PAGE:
David Bourget (Western Ontario)
David Chalmers (ANU, NYU)
Rafael De Clercq
Jack Alan Reynolds
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Social Research 51:1019-1045 (1984)
The concept of representation has become almost inextricably bound to the concept of symbol systems. the concepts is nowhere more prevalent than in descriptions of "internal representations." These representations are thought to occur in an internal symbol system that allows the brain to store and use information. In this paper we explore a different approach to understanding psychological processes, one that retains a commitment to representations and computations but that is not based on the idea that information must be stored and manipulated in symbol systems. In particular, we suggest that the notion of a symbol system as currently understood construes psychological processes in terms of a specific type of computational system, in which a control function "reads," "interprets," and manipulates discrete entities called "symbols." We argue that other types of computational systems may provide a more appropriate characterization of psychological processes. One implication of our argument is the need to consider the constraints placed on computational theories in psychology by the nature of the computing device itself, the human brain. Perhaps surprisingly, this implication leads us to the conclusion that a "functionalist" conception of psychological processes (discussed below) does not entail that physiology is irrelevant to psychology, as has been maintained by prominent adherents of the symbol-systems approach.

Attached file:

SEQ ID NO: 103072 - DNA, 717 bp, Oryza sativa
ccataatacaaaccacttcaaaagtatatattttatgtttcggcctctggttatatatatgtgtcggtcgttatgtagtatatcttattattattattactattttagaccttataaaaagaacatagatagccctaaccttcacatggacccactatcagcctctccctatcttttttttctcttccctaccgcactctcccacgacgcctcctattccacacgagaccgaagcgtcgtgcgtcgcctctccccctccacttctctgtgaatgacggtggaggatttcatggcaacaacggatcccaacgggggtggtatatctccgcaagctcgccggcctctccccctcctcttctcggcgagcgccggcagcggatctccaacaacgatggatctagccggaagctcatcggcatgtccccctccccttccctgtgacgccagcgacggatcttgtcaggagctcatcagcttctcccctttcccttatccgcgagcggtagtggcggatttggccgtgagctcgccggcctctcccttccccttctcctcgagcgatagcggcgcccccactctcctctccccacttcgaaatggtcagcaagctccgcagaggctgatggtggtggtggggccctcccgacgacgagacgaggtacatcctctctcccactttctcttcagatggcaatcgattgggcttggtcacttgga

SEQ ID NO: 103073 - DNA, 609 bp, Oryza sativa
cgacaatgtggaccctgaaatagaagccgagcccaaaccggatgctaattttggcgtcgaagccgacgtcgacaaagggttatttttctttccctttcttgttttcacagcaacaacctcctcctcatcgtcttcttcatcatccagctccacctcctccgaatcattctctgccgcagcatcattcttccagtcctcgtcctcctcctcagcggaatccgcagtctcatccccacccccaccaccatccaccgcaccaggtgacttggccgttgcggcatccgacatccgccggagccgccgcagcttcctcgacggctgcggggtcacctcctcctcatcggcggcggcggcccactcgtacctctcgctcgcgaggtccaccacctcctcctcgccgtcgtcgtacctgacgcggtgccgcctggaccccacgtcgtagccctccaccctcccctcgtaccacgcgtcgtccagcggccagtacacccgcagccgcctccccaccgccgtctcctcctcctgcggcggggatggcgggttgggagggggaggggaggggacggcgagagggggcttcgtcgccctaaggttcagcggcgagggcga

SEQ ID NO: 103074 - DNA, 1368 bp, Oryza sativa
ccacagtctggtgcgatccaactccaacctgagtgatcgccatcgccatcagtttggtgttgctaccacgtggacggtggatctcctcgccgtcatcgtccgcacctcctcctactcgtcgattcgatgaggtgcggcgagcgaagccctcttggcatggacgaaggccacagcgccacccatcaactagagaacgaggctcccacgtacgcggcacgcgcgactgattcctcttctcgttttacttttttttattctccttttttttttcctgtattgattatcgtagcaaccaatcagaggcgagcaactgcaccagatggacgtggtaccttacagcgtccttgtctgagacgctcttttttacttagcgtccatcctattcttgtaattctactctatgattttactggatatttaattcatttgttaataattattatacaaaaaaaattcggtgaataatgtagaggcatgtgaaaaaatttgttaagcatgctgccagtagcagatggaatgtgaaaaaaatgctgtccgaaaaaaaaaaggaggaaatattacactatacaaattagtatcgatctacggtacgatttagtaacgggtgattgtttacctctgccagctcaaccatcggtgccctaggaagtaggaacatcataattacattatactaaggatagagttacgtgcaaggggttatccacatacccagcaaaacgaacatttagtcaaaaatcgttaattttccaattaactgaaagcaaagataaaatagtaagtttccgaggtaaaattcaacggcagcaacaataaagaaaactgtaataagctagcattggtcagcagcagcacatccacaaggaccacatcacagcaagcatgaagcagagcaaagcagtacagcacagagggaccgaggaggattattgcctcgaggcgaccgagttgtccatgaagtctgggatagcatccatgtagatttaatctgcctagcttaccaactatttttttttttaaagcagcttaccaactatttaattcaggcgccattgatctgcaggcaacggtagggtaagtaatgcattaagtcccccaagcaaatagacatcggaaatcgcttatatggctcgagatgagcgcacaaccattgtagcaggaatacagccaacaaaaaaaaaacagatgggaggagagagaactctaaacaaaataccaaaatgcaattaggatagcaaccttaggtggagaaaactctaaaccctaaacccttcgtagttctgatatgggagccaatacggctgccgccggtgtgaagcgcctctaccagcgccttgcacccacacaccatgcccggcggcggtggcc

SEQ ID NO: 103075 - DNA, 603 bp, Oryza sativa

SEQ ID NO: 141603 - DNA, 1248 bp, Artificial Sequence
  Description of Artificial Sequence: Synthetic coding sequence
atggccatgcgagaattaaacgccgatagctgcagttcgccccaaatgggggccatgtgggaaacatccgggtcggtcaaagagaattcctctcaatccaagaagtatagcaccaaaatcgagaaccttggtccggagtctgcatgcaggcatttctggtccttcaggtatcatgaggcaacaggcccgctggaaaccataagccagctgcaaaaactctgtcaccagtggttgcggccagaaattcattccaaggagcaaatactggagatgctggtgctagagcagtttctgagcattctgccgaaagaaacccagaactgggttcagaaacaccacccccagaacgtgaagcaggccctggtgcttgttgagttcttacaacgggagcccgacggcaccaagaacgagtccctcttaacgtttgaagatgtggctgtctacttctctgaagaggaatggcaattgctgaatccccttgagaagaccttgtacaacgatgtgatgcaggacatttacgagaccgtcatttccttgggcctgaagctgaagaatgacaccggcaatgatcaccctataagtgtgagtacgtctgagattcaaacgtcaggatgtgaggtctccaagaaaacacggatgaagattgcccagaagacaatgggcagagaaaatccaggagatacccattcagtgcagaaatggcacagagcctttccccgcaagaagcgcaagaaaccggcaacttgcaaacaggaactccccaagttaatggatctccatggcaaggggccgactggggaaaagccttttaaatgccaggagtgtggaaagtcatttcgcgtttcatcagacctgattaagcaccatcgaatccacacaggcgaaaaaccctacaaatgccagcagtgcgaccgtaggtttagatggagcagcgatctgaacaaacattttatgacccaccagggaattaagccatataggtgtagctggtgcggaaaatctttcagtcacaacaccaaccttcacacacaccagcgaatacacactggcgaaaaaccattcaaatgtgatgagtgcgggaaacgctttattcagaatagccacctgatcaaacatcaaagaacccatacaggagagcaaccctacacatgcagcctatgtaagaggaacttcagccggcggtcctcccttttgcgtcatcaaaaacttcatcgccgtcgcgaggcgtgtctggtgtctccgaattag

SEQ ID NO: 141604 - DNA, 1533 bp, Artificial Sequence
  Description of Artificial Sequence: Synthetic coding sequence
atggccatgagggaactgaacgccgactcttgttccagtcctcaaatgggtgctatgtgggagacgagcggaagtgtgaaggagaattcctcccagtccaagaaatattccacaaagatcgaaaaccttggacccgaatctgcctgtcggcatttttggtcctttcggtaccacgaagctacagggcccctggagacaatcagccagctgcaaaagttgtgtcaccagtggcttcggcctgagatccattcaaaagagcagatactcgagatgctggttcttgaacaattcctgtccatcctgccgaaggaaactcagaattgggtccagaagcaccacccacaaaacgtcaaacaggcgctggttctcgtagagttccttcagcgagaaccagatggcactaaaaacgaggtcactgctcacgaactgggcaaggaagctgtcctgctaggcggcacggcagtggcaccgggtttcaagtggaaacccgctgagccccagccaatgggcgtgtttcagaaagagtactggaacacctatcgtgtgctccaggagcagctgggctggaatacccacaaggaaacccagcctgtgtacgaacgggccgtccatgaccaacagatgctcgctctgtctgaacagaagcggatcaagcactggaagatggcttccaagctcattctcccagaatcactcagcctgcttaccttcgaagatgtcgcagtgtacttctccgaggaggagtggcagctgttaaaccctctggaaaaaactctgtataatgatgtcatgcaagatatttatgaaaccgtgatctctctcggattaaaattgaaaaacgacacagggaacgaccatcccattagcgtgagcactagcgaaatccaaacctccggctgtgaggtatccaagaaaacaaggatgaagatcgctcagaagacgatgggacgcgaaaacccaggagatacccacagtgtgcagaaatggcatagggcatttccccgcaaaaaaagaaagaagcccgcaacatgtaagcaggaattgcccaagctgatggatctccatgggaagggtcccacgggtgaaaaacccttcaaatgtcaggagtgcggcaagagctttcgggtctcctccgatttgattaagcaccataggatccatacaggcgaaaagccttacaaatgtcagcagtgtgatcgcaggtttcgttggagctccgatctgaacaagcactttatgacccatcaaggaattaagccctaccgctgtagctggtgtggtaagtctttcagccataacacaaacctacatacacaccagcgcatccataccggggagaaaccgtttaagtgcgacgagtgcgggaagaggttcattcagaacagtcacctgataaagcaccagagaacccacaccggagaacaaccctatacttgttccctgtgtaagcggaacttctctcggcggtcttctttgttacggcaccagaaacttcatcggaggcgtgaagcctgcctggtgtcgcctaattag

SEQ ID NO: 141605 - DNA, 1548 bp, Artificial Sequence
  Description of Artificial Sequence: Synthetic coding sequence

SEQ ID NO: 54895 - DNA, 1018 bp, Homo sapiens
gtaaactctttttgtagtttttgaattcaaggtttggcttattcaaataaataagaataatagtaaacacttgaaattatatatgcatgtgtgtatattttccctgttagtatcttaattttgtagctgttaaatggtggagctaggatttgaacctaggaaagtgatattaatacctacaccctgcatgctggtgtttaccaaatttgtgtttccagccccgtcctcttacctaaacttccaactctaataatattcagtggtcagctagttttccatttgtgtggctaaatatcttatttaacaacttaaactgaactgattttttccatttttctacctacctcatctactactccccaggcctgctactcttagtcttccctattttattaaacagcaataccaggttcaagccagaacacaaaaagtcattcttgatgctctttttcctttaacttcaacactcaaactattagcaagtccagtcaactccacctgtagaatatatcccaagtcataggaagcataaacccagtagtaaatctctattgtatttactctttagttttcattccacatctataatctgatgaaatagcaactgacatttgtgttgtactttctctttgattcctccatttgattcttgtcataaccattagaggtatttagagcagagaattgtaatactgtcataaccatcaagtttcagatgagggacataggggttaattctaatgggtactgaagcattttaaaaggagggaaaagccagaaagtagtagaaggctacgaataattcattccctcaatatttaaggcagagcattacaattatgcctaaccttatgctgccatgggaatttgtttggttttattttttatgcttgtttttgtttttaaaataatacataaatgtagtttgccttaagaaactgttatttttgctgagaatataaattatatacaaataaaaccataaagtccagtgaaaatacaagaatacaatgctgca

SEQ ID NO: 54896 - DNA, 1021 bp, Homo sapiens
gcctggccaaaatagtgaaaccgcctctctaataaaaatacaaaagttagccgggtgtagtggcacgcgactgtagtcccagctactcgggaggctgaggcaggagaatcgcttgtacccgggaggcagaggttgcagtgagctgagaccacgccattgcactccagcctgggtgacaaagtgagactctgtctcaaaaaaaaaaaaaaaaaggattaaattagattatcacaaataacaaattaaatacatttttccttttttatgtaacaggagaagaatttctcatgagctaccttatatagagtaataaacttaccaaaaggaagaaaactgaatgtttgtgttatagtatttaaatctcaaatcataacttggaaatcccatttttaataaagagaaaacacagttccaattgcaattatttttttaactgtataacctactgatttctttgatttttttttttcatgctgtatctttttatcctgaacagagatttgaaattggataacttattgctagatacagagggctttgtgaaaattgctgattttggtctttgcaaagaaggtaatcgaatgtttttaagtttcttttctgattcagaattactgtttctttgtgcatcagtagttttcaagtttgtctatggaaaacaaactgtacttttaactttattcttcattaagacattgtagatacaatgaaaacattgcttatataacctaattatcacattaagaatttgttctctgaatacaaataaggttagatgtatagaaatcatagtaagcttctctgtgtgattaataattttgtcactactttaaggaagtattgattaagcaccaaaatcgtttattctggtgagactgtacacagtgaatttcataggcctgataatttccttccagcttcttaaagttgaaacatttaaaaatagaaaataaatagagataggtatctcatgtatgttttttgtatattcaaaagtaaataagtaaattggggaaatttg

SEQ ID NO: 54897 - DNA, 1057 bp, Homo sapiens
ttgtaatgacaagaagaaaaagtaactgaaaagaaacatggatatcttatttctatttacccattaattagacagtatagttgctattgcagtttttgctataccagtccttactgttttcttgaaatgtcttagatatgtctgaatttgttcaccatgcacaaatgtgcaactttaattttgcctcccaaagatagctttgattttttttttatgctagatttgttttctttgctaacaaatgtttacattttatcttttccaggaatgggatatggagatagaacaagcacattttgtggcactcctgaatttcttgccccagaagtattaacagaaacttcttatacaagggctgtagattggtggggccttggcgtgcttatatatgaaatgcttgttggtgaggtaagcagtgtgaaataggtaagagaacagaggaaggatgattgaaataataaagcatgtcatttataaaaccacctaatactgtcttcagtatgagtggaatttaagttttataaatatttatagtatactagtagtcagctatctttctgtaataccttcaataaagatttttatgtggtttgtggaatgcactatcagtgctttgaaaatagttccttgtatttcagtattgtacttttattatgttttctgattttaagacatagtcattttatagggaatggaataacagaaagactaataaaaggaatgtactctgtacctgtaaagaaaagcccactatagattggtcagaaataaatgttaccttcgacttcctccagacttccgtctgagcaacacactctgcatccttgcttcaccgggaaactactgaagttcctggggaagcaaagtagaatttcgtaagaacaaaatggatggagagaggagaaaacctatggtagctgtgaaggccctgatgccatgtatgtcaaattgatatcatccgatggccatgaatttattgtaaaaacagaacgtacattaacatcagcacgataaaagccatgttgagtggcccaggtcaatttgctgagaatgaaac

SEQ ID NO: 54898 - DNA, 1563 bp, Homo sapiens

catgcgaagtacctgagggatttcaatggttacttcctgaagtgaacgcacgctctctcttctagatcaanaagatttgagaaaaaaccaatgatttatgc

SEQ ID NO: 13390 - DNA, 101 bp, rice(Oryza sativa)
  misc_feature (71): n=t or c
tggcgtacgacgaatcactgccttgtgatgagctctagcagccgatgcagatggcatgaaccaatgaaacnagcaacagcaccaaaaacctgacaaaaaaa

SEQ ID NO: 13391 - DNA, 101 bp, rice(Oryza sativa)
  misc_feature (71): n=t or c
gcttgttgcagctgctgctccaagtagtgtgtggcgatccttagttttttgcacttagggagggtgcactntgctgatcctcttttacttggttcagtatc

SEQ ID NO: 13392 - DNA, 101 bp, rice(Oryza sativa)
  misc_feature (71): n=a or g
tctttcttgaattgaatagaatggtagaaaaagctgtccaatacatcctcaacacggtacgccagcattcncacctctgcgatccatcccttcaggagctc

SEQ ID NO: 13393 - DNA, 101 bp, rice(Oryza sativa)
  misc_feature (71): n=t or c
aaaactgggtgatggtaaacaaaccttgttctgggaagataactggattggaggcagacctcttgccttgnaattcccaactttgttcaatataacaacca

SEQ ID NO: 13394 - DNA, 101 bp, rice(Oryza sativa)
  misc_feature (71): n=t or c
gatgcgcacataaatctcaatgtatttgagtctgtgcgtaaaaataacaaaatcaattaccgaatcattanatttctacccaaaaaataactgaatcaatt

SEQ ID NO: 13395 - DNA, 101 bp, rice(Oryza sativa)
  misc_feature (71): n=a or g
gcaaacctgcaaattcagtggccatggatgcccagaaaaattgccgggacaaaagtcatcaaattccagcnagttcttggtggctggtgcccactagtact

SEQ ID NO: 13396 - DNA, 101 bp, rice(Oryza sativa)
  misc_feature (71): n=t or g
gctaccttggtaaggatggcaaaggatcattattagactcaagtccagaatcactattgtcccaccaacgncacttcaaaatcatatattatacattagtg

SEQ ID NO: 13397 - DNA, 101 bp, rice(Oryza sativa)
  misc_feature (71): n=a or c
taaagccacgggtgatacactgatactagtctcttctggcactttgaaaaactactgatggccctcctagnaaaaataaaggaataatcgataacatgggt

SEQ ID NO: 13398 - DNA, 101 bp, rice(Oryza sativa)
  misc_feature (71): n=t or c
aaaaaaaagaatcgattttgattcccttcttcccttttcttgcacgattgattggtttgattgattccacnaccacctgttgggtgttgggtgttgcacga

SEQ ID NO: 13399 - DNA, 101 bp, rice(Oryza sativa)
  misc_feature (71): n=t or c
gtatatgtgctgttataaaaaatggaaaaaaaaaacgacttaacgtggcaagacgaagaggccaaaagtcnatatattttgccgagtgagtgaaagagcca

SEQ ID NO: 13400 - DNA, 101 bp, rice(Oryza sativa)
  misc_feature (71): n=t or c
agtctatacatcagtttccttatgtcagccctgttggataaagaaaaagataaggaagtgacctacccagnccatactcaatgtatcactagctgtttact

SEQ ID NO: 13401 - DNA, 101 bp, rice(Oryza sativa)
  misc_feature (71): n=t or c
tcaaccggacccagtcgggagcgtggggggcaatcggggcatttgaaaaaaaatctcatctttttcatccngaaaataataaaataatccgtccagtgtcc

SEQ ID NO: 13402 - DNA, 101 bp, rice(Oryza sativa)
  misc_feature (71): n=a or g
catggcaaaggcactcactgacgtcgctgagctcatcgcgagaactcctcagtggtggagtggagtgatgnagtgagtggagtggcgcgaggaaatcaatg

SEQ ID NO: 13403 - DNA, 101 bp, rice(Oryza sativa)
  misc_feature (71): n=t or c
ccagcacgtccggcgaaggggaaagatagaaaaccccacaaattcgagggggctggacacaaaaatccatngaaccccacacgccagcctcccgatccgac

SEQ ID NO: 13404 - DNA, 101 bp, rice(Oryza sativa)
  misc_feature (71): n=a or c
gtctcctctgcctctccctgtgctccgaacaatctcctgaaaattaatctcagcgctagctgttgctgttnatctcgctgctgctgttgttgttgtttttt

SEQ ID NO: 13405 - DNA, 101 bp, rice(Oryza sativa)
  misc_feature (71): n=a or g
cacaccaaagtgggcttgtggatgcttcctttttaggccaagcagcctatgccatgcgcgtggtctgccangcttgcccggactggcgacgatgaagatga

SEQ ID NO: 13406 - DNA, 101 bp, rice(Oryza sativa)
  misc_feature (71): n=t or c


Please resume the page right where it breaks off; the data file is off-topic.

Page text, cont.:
|Keywords||Representation Computation Connectionism Symbol Psychological processes Function Fodor, J A Newell, A Marr, D|
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